The Webb telescope discovered the most poisonous atmosphere on an exoplanet: sulfur oxide was found in it
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Scientists have found new chemicals in the composition of the planet WASP-39b, which is 700 light-years away from us .
The Webb Space Telescope continues to study the exoplanet WASP-39b, which orbits very close to its star in the constellation Virgo, 700 light-years away. New data points to the gas giant's highly toxic atmosphere, writes Gizmodo.
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Scientists from the University of Oxford, UK, have presented a new study that has not yet been peer-reviewed, but it shows that there is a wide variety of chemical compounds and elements in the atmosphere of the planet WASP-39b.
WASP-exoplanet- 39b, which orbits a sun-like star, is a hot Jupiter. That is, it is similar to this planet in mass and size. To be more precise, its mass is one third less than the mass of Jupiter, and its size is one third larger than the gas giant from our solar system.
This planet revolves around its star in an orbit that Jupiter revolves around the Sun, which means that it is too hot there. It was discovered back in 2011, but it has already been under the scrutiny of the Webb Space Telescope several times. Focus already wrote that the telescope managed to detect the presence of carbon dioxide in its atmosphere. And this is the first such case for exoplanets.
A new study shows that WASP-39b's atmosphere contains more chemical compounds, including water, sulfur oxide, carbon monoxide, as well as sodium and potassium. And this makes the atmosphere of the planet incredibly poisonous.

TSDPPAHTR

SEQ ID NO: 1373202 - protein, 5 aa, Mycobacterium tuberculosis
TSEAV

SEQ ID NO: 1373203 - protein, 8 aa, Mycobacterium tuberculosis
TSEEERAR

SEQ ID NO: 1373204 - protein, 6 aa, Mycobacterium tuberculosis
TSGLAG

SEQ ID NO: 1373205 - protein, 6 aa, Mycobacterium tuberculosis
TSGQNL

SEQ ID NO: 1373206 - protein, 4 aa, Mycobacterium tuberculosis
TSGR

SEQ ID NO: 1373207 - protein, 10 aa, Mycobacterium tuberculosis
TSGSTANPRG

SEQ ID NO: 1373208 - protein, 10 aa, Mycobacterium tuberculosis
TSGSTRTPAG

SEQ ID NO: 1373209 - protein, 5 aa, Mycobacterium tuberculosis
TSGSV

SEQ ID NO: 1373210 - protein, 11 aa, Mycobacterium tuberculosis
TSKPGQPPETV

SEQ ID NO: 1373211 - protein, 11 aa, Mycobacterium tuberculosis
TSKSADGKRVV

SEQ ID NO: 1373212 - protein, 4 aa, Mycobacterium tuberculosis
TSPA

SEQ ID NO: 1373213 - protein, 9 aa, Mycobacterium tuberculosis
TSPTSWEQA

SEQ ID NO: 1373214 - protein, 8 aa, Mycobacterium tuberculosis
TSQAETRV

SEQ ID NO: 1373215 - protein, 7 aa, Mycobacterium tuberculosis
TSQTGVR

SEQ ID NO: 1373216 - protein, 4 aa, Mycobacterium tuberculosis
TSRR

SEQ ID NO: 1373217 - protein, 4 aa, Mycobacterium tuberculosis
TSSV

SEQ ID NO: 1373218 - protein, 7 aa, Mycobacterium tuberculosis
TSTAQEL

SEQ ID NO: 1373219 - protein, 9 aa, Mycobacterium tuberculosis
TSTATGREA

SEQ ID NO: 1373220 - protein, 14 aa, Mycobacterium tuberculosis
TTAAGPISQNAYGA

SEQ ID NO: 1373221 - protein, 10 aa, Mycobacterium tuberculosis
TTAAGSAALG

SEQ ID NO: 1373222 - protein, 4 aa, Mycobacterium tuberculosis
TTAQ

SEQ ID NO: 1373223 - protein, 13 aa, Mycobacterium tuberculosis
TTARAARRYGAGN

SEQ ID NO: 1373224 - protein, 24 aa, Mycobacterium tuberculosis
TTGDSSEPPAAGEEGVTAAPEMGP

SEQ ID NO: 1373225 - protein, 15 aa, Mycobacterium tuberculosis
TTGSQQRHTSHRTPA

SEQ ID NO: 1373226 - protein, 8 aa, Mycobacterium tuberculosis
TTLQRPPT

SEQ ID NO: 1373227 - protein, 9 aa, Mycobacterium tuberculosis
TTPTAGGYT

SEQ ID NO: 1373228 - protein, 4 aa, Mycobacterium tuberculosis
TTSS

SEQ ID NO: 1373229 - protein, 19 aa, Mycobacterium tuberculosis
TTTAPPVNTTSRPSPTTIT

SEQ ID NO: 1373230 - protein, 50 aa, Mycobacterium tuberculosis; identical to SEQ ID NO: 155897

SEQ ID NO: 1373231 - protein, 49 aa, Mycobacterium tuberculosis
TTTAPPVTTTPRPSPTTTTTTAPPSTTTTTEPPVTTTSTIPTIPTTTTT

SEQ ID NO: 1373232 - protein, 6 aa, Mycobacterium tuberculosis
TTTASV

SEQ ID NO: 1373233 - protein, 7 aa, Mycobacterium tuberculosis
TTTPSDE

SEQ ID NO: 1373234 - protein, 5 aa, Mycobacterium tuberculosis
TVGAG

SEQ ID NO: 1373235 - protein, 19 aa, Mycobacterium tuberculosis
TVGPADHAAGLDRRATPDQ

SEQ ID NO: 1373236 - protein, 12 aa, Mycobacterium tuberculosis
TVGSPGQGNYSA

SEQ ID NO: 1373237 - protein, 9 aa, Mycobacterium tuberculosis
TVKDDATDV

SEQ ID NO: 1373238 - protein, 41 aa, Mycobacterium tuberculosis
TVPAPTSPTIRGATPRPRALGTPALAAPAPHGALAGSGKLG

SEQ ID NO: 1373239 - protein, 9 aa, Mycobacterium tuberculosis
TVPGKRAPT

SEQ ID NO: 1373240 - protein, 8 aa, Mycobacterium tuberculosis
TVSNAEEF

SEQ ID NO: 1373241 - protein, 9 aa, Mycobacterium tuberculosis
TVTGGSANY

“For the first time, we have witnessed the existence of photochemistry, that is, chemical reactions initiated by starlight on exoplanets. In particular, this concerns the presence of sulfur oxide, which indicates the toxicity of this atmosphere. With the help of the Webb telescope, we will be able to better understand the composition of the atmospheres of distant planets” , says Shang-Ming Tsai, of Oxford University.
To find out what the atmosphere of the planet WASP-39b consists of, the Webb telescope observed it at the time when it passed against the background of its star. When this happened, starlight illuminated the planet and Webb picked up the wavelength of this light in the infrared. Thanks to this, scientists were able to determine which chemicals are present in the atmosphere based on the wavelength of light they absorb.
Thanks to the instruments of the Webb telescope, scientists will be able to better understand the diversity of the compositions of the planets in the Milky Way and, of course, there is a chance to find signs of life on them. Temperatures are too high on WASP-39b for any living microorganisms to develop, but they can exist on much smaller, rocky planets that resemble Earth in composition.
The new study also found that WASP's atmosphere -39b chemical elements and compounds are not evenly distributed, but are in separate groups. Scientists suggest that this exoplanet formed over time as a result of the merger of planetesimals, that is, the building blocks of planets.
As for the formation of planets, Focus already wrote about the new discovery of scientists, who believe that the Earth and other planets of our star system appeared much earlier than expected.
The first stage of the formation of a new star was also observed by the Hubble Space Telescope, as Focus already wrote.< /p>
As for the evolution of planets, Focus has already written about a new study that reveals the reason why Venus did not become like Earth, although there were all the prerequisites for this.